30. 30. CONSUMER ADOPTION OF RENEWABLEENERGY– 2010ERNST & YOUNG SURVEYBarriers to Adoption for Energy Suppliers Cost of renewable energy unattractive to customers Margins on Renewable Energy are lower than fortraditional energy sources Investments in renewable infrastructure are tooexpensive Technical issues (e.g., technology immaturity, lack ofmanufacturing capacity)
  31. 31. CONSUMER ADOPTION OF RENEWABLEENERGY– 2010ERNST & YOUNG SURVEYDrivers to Adoption for Renewable Energies The public perception is a significant driverfor energy suppliers, pressuring them tocommit to incorporating Renewable Energyinto their energy portfolios. The public perception is also a driver toenergy consumers to reduce carbonfootprint.
  32. 32. CONSUMER ADOPTION OF RENEWABLEENERGY– 2010ERNST & YOUNG SURVEYDrivers to Adoption of Renewable Energies Government spending on RenewableEnergy infrastructure (e.g., newtransmission capacity) Regulatory devices like airtight RenewablePortfolio Standards Incentives such as tax credits andinvestments in the right infrastructure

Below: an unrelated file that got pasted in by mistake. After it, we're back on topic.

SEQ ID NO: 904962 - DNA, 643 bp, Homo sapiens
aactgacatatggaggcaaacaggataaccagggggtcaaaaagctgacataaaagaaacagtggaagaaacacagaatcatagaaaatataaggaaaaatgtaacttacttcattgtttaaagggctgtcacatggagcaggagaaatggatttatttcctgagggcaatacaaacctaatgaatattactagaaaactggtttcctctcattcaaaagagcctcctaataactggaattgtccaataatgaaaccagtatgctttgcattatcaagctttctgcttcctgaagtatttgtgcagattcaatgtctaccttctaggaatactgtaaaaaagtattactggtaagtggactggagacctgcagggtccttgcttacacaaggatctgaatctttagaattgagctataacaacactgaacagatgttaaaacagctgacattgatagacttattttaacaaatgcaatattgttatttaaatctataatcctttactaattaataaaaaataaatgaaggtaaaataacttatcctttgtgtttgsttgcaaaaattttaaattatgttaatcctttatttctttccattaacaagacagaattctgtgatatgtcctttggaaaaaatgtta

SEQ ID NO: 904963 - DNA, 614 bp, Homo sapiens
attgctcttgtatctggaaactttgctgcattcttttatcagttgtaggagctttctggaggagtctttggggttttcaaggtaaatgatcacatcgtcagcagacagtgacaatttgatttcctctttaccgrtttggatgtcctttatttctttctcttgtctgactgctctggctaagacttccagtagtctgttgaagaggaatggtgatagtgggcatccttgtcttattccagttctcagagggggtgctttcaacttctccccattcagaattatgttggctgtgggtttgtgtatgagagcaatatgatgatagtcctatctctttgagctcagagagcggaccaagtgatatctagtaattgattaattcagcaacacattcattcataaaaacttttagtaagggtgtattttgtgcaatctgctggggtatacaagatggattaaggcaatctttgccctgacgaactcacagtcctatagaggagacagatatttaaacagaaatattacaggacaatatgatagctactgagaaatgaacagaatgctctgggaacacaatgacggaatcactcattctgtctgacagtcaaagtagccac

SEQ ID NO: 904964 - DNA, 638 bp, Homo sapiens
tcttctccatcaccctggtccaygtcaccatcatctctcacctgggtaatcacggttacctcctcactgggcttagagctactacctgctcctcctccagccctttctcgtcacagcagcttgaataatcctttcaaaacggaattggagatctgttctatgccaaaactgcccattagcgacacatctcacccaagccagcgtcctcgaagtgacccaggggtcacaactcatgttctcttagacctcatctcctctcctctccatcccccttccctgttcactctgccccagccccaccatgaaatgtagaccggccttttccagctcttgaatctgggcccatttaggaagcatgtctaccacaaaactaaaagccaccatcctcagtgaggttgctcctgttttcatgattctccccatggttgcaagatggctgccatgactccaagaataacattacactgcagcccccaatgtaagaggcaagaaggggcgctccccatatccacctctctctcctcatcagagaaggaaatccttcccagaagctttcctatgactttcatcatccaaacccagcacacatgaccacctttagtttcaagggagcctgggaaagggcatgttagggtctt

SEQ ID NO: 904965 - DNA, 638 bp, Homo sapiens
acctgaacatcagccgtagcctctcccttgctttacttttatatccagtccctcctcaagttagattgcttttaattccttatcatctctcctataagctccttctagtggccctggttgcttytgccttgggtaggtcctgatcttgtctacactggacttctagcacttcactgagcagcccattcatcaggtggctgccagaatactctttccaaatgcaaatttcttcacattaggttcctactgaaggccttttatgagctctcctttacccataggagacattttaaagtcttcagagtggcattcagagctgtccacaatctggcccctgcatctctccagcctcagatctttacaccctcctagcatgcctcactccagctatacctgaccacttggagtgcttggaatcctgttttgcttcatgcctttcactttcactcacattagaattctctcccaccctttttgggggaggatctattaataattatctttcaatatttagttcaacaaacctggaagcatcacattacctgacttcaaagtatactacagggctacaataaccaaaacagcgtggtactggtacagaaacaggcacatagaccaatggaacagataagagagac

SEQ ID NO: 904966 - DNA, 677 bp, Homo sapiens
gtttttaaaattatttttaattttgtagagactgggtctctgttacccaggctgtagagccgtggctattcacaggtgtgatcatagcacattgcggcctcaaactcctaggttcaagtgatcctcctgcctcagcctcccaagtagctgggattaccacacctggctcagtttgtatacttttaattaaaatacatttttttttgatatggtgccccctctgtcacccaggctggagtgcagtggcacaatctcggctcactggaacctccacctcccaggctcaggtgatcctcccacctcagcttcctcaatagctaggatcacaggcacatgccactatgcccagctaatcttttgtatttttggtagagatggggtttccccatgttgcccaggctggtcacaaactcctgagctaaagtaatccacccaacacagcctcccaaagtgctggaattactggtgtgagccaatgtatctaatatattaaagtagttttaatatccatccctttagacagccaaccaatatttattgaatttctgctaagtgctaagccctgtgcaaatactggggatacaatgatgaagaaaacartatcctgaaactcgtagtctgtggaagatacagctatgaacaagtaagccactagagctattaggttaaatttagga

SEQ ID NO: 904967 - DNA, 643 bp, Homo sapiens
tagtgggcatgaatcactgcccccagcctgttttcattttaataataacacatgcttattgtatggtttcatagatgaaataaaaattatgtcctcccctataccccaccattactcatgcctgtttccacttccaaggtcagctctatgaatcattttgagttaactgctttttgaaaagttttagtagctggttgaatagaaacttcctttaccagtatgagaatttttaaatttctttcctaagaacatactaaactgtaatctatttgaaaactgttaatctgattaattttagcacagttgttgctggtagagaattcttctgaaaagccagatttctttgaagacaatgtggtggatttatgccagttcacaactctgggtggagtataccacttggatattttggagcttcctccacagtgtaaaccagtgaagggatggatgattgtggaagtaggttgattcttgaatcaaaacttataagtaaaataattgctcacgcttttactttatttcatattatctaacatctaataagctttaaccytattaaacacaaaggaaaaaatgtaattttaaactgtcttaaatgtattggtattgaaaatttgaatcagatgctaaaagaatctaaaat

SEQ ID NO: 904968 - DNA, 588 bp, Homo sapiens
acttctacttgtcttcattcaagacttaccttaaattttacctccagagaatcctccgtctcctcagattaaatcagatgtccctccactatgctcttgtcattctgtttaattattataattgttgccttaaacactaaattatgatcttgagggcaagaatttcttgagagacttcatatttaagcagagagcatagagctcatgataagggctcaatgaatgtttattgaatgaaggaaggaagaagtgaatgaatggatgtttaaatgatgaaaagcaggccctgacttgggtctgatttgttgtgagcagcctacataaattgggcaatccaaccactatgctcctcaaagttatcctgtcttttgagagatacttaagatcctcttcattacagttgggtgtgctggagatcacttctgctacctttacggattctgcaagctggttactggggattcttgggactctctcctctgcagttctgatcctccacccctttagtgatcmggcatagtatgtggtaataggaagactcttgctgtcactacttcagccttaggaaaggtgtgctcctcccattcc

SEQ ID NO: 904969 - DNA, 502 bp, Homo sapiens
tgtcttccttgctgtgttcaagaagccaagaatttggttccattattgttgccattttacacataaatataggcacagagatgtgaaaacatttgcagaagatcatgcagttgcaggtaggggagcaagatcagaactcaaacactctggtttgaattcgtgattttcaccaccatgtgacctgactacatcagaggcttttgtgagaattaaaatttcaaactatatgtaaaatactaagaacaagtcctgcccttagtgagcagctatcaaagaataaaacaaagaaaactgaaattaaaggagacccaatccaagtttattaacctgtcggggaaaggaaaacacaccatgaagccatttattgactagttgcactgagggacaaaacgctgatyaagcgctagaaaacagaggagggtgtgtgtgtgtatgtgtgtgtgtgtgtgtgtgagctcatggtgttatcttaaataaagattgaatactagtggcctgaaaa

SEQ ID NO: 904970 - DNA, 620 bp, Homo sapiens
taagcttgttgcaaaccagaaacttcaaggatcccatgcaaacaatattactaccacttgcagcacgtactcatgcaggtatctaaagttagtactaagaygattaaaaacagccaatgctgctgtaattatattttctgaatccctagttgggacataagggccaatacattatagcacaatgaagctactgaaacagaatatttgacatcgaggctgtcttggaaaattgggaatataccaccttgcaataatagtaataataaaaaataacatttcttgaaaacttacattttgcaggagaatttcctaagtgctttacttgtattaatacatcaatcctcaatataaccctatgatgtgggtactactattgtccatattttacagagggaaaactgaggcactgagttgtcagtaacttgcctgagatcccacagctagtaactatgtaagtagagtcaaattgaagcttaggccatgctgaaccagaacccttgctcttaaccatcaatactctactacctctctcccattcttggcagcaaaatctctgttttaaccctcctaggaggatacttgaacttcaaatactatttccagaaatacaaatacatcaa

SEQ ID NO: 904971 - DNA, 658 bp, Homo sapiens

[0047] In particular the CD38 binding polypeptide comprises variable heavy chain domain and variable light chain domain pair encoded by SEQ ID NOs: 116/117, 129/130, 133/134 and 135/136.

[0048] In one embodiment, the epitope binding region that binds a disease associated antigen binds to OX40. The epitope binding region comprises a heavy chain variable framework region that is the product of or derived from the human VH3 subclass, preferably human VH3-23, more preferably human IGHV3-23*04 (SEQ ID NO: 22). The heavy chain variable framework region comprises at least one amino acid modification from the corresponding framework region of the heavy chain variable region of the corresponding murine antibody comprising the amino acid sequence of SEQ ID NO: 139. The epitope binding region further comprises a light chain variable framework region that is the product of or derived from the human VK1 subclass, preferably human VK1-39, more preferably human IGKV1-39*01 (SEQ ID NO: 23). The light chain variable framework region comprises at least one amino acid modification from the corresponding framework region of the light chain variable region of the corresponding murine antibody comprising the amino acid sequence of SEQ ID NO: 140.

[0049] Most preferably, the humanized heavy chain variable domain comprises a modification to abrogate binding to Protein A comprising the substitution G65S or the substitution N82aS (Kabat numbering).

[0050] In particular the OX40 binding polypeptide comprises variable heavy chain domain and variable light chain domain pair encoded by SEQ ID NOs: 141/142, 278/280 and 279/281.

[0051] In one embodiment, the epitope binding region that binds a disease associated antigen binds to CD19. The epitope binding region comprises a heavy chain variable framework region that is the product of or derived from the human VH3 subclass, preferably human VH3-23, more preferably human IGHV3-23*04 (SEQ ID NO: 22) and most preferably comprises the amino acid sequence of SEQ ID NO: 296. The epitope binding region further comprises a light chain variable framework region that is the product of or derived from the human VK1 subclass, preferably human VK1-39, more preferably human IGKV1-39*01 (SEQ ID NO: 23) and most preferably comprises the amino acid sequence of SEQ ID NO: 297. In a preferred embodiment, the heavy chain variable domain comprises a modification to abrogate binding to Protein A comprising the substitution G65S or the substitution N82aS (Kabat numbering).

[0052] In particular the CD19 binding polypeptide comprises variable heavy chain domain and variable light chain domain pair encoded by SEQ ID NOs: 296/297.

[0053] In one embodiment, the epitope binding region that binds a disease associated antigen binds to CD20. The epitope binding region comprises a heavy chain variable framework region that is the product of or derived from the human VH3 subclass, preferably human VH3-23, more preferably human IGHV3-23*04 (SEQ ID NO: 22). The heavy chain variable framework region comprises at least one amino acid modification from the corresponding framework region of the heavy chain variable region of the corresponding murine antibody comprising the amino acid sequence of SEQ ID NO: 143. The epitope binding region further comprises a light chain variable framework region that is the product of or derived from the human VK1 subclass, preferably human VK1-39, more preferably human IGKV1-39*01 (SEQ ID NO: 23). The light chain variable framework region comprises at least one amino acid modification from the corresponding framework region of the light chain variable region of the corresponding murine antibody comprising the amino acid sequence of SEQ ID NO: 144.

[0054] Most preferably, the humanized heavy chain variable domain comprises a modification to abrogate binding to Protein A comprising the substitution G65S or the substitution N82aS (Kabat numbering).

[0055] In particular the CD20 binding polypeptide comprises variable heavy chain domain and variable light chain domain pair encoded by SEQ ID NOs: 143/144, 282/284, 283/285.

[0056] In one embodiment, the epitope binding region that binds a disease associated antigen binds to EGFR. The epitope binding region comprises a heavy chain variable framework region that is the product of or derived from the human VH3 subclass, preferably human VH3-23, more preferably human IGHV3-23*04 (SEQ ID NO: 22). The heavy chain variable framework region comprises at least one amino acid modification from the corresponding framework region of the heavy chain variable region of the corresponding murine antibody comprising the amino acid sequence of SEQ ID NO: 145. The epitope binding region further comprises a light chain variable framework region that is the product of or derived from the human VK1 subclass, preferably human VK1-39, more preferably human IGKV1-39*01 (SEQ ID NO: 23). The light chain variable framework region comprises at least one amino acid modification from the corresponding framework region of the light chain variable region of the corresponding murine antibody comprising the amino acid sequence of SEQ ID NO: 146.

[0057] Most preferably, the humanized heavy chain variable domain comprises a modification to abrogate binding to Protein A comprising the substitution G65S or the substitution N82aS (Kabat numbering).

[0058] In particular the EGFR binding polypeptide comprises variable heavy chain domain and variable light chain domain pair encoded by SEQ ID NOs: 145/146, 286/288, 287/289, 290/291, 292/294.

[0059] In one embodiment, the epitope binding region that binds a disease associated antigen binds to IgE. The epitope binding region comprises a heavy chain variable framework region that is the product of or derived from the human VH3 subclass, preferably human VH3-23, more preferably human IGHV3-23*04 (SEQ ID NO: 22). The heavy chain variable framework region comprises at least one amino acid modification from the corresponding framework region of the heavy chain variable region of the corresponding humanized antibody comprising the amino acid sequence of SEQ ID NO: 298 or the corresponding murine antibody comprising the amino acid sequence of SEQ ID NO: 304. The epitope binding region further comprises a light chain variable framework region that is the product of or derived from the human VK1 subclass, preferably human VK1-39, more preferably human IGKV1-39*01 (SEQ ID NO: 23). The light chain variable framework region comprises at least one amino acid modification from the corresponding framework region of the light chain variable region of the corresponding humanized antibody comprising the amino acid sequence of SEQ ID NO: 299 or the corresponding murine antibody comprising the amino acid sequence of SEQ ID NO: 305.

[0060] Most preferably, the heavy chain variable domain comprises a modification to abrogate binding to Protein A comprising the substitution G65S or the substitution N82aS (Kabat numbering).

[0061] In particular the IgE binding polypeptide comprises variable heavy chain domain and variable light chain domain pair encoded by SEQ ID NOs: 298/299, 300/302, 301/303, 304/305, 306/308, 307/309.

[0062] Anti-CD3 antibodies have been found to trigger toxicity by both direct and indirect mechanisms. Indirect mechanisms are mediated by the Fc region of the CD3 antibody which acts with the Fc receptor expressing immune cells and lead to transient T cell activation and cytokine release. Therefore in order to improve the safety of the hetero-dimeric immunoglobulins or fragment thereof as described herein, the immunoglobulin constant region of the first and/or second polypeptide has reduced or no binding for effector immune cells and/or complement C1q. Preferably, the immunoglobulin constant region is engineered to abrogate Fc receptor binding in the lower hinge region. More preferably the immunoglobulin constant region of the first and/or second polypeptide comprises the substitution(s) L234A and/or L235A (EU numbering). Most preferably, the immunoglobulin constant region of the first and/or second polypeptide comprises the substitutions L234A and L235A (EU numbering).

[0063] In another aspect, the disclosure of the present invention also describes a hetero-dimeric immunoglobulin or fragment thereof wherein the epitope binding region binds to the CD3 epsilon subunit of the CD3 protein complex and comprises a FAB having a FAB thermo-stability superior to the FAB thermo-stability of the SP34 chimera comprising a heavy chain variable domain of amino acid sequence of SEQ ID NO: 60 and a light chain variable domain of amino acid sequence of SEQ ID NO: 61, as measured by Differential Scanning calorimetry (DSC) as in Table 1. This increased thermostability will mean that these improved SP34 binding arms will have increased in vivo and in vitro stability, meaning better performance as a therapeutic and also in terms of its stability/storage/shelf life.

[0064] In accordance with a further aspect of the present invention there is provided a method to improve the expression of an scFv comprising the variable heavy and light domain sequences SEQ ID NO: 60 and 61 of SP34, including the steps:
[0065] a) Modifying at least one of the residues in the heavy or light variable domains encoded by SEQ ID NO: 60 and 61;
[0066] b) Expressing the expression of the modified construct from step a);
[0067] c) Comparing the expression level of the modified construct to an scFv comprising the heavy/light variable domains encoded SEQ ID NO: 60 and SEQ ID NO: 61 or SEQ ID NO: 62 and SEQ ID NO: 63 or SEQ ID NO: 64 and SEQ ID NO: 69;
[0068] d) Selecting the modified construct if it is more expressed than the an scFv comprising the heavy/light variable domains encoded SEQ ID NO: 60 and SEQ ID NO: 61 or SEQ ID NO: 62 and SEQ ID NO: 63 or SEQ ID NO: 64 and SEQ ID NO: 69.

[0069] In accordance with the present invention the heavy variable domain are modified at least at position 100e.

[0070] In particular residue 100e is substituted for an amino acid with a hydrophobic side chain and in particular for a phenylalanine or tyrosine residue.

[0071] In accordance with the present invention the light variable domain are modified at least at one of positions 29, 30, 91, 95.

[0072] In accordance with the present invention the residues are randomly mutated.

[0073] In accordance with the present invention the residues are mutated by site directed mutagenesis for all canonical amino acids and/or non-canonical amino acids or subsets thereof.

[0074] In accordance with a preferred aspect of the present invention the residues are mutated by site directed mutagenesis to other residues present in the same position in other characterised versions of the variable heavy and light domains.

33. 33. US National Energy PolicyComprehensive, not Piecemeal, Proactive, not Reactive A comprehensive, long term energy policy would help balance thesecurity and reliability of the nation’s current energy resources withthe integration and capabilities of newer, cleaner technologies. It would also transform the way the US produces and uses energy,making the system more efficient and further diversifying the fuelmix. It would also remove the barriers that are holding back thedevelopment of a more robust grid to bring this cleaner, moreefficient energy to our homes and businesses. Finally, it would provide the certainty that we all need to invest inthe future – creating jobs and propelling the US economy forward